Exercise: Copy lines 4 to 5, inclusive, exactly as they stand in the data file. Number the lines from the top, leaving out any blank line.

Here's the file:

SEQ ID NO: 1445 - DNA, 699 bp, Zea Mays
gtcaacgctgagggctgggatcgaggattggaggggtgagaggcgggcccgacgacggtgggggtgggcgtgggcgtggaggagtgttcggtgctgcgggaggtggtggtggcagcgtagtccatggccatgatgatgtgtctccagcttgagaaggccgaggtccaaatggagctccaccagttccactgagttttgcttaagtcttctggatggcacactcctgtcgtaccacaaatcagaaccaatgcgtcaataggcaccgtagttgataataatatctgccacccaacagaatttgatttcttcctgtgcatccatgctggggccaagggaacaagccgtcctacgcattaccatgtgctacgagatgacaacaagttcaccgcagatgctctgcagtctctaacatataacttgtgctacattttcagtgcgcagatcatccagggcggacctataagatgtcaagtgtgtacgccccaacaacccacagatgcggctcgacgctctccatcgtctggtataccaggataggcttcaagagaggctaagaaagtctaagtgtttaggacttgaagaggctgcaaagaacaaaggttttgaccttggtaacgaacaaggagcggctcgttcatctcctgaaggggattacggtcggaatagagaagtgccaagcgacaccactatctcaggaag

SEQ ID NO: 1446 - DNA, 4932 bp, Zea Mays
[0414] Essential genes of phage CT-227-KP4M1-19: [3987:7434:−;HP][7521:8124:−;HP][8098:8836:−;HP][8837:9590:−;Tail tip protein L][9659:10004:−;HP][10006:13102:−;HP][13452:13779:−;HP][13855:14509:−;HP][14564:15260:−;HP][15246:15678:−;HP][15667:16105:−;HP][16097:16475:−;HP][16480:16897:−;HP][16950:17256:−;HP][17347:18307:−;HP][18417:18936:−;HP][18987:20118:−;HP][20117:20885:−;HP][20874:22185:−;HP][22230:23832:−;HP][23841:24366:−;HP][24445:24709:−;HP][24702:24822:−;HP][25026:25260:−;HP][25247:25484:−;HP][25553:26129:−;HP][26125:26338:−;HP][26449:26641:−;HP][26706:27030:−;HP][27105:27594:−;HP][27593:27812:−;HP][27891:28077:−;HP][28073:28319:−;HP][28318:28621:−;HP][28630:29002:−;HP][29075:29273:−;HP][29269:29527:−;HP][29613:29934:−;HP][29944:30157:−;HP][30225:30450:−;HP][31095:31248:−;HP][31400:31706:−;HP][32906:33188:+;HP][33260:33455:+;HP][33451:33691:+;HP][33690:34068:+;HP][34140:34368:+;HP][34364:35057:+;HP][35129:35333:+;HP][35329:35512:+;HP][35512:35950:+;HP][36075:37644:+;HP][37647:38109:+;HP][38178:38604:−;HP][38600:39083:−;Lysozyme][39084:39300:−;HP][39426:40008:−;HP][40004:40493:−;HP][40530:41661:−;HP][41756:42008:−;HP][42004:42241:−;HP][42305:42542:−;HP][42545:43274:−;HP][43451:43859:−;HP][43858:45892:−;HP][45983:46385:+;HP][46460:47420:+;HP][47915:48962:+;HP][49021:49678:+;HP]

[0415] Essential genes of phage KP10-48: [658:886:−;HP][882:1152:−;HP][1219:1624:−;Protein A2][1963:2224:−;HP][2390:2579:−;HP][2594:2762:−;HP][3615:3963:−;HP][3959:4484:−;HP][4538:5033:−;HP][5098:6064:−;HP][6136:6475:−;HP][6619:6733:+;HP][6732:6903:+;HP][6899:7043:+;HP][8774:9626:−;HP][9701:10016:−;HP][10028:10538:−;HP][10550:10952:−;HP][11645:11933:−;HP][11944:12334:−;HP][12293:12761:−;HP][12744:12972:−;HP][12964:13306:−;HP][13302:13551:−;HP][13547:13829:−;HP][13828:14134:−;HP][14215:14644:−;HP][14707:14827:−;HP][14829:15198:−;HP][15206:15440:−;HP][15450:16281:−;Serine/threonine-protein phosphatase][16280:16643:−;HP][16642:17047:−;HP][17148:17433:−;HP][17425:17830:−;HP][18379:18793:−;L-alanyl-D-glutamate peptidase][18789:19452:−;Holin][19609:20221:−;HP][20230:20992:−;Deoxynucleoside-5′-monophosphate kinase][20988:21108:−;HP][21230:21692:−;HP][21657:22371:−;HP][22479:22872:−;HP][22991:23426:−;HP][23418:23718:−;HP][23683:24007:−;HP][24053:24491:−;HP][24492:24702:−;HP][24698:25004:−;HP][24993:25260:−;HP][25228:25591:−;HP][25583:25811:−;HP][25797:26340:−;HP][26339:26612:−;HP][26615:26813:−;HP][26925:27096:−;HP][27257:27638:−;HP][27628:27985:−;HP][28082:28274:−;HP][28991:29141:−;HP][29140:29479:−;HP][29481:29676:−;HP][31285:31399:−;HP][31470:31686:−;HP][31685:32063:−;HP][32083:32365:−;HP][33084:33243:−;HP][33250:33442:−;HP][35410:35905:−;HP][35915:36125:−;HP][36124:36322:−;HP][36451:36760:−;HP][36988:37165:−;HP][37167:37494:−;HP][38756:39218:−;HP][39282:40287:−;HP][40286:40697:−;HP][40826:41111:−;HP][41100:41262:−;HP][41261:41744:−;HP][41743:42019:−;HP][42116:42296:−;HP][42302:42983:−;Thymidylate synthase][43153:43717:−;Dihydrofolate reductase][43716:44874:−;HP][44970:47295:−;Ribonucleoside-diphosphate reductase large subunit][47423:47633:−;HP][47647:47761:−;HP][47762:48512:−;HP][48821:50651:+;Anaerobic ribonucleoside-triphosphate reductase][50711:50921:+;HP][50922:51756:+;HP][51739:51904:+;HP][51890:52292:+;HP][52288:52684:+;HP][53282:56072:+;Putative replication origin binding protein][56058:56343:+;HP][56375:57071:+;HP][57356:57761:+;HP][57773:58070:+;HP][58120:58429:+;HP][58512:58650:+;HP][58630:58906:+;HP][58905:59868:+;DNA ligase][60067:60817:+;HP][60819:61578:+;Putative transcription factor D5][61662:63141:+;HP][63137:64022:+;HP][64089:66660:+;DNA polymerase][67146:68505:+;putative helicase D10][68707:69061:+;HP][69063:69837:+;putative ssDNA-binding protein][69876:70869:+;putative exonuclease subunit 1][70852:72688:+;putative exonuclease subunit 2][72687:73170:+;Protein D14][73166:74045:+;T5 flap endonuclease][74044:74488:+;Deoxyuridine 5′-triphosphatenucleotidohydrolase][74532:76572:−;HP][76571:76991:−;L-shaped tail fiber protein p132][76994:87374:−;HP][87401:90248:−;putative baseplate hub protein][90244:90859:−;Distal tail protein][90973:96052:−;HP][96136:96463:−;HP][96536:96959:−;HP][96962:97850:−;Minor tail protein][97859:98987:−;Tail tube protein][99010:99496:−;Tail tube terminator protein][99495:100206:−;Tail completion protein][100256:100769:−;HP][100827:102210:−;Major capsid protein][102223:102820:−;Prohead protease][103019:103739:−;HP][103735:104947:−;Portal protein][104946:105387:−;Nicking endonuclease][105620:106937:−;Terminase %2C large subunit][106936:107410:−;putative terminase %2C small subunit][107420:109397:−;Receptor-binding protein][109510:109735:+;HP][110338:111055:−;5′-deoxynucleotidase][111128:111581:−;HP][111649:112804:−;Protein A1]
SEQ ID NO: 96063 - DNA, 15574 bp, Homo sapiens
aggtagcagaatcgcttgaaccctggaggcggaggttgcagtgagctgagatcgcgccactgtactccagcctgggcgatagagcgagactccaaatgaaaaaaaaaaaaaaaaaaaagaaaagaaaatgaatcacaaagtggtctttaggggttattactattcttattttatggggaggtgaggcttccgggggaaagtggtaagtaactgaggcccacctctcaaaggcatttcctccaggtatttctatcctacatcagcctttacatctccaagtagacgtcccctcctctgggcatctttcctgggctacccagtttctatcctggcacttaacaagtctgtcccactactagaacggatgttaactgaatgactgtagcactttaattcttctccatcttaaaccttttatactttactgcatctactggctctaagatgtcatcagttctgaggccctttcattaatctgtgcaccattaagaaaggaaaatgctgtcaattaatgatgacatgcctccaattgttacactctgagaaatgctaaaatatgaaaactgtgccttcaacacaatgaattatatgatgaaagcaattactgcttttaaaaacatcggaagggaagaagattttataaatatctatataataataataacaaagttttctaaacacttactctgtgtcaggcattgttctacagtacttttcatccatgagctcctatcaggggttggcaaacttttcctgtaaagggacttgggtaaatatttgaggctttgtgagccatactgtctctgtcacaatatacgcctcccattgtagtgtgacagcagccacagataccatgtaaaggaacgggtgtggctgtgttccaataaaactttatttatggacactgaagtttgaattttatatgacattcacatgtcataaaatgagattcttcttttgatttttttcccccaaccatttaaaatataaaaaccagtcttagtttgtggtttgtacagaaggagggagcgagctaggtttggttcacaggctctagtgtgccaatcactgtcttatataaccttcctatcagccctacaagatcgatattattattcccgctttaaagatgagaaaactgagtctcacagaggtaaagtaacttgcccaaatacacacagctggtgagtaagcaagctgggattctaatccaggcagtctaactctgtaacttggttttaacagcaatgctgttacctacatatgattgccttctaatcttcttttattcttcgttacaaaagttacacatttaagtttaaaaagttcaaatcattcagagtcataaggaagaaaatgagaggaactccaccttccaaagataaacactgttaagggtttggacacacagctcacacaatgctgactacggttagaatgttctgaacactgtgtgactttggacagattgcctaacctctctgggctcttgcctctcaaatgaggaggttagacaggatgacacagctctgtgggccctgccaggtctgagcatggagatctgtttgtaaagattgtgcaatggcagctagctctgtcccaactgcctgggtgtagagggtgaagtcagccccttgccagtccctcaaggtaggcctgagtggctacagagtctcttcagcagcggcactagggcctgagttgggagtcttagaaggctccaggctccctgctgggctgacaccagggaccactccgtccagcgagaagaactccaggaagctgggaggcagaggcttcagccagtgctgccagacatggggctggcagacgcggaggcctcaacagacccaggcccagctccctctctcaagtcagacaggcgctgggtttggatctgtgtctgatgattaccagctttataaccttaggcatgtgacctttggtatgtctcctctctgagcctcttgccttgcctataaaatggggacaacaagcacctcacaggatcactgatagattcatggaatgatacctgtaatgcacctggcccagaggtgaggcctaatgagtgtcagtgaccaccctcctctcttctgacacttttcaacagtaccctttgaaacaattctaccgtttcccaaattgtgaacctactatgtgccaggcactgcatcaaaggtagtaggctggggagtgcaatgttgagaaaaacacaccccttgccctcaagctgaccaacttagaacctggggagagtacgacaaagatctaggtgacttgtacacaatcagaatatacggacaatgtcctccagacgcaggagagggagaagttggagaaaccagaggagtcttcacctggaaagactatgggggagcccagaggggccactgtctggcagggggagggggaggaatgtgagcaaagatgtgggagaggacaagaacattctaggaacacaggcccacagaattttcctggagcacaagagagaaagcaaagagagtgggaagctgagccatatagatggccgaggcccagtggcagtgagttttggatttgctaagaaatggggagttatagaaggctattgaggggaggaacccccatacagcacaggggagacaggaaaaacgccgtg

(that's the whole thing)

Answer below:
[0414] Essential genes of phage CT-227-KP4M1-19: [3987:7434:−;HP][7521:8124:−;HP][8098:8836:−;HP][8837:9590:−;Tail tip protein L][9659:10004:−;HP][10006:13102:−;HP][13452:13779:−;HP][13855:14509:−;HP][14564:15260:−;HP][15246:15678:−;HP][15667:16105:−;HP][16097:16475:−;HP][16480:16897:−;HP][16950:17256:−;HP][17347:18307:−;HP][18417:18936:−;HP][18987:20118:−;HP][20117:20885:−;HP][20874:22185:−;HP][22230:23832:−;HP][23841:24366:−;HP][24445:24709:−;HP][24702:24822:−;HP][25026:25260:−;HP][25247:25484:−;HP][25553:26129:−;HP][26125:26338:−;HP][26449:26641:−;HP][26706:27030:−;HP][27105:27594:−;HP][27593:27812:−;HP][27891:28077:−;HP][28073:28319:−;HP][28318:28621:−;HP][28630:29002:−;HP][29075:29273:−;HP][29269:29527:−;HP][29613:29934:−;HP][29944:30157:−;HP][30225:30450:−;HP][31095:31248:−;HP][31400:31706:−;HP][32906:33188:+;HP][33260:33455:+;HP][33451:33691:+;HP][33690:34068:+;HP][34140:34368:+;HP][34364:35057:+;HP][35129:35333:+;HP][35329:35512:+;HP][35512:35950:+;HP][36075:37644:+;HP][37647:38109:+;HP][38178:38604:−;HP][38600:39083:−;Lysozyme][39084:39300:−;HP][39426:40008:−;HP][40004:40493:−;HP][40530:41661:−;HP][41756:42008:−;HP][42004:42241:−;HP][42305:42542:−;HP][42545:43274:−;HP][43451:43859:−;HP][43858:45892:−;HP][45983:46385:+;HP][46460:47420:+;HP][47915:48962:+;HP][49021:49678:+;HP]

[0415] Essential genes of phage KP10-48: [658:886:−;HP][882:1152:−;HP][1219:1624:−;Protein A2][1963:2224:−;HP][2390:2579:−;HP][2594:2762:−;HP][3615:3963:−;HP][3959:4484:−;HP][4538:5033:−;HP][5098:6064:−;HP][6136:6475:−;HP][6619:6733:+;HP][6732:6903:+;HP][6899:7043:+;HP][8774:9626:−;HP][9701:10016:−;HP][10028:10538:−;HP][10550:10952:−;HP][11645:11933:−;HP][11944:12334:−;HP][12293:12761:−;HP][12744:12972:−;HP][12964:13306:−;HP][13302:13551:−;HP][13547:13829:−;HP][13828:14134:−;HP][14215:14644:−;HP][14707:14827:−;HP][14829:15198:−;HP][15206:15440:−;HP][15450:16281:−;Serine/threonine-protein phosphatase][16280:16643:−;HP][16642:17047:−;HP][17148:17433:−;HP][17425:17830:−;HP][18379:18793:−;L-alanyl-D-glutamate peptidase][18789:19452:−;Holin][19609:20221:−;HP][20230:20992:−;Deoxynucleoside-5′-monophosphate kinase][20988:21108:−;HP][21230:21692:−;HP][21657:22371:−;HP][22479:22872:−;HP][22991:23426:−;HP][23418:23718:−;HP][23683:24007:−;HP][24053:24491:−;HP][24492:24702:−;HP][24698:25004:−;HP][24993:25260:−;HP][25228:25591:−;HP][25583:25811:−;HP][25797:26340:−;HP][26339:26612:−;HP][26615:26813:−;HP][26925:27096:−;HP][27257:27638:−;HP][27628:27985:−;HP][28082:28274:−;HP][28991:29141:−;HP][29140:29479:−;HP][29481:29676:−;HP][31285:31399:−;HP][31470:31686:−;HP][31685:32063:−;HP][32083:32365:−;HP][33084:33243:−;HP][33250:33442:−;HP][35410:35905:−;HP][35915:36125:−;HP][36124:36322:−;HP][36451:36760:−;HP][36988:37165:−;HP][37167:37494:−;HP][38756:39218:−;HP][39282:40287:−;HP][40286:40697:−;HP][40826:41111:−;HP][41100:41262:−;HP][41261:41744:−;HP][41743:42019:−;HP][42116:42296:−;HP][42302:42983:−;Thymidylate synthase][43153:43717:−;Dihydrofolate reductase][43716:44874:−;HP][44970:47295:−;Ribonucleoside-diphosphate reductase large subunit][47423:47633:−;HP][47647:47761:−;HP][47762:48512:−;HP][48821:50651:+;Anaerobic ribonucleoside-triphosphate reductase][50711:50921:+;HP][50922:51756:+;HP][51739:51904:+;HP][51890:52292:+;HP][52288:52684:+;HP][53282:56072:+;Putative replication origin binding protein][56058:56343:+;HP][56375:57071:+;HP][57356:57761:+;HP][57773:58070:+;HP][58120:58429:+;HP][58512:58650:+;HP][58630:58906:+;HP][58905:59868:+;DNA ligase][60067:60817:+;HP][60819:61578:+;Putative transcription factor D5][61662:63141:+;HP][63137:64022:+;HP][64089:66660:+;DNA polymerase][67146:68505:+;putative helicase D10][68707:69061:+;HP][69063:69837:+;putative ssDNA-binding protein][69876:70869:+;putative exonuclease subunit 1][70852:72688:+;putative exonuclease subunit 2][72687:73170:+;Protein D14][73166:74045:+;T5 flap endonuclease][74044:74488:+;Deoxyuridine 5′-triphosphatenucleotidohydrolase][74532:76572:−;HP][76571:76991:−;L-shaped tail fiber protein p132][76994:87374:−;HP][87401:90248:−;putative baseplate hub protein][90244:90859:−;Distal tail protein][90973:96052:−;HP][96136:96463:−;HP][96536:96959:−;HP][96962:97850:−;Minor tail protein][97859:98987:−;Tail tube protein][99010:99496:−;Tail tube terminator protein][99495:100206:−;Tail completion protein][100256:100769:−;HP][100827:102210:−;Major capsid protein][102223:102820:−;Prohead protease][103019:103739:−;HP][103735:104947:−;Portal protein][104946:105387:−;Nicking endonuclease][105620:106937:−;Terminase %2C large subunit][106936:107410:−;putative terminase %2C small subunit][107420:109397:−;Receptor-binding protein][109510:109735:+;HP][110338:111055:−;5′-deoxynucleotidase][111128:111581:−;HP][111649:112804:−;Protein A1]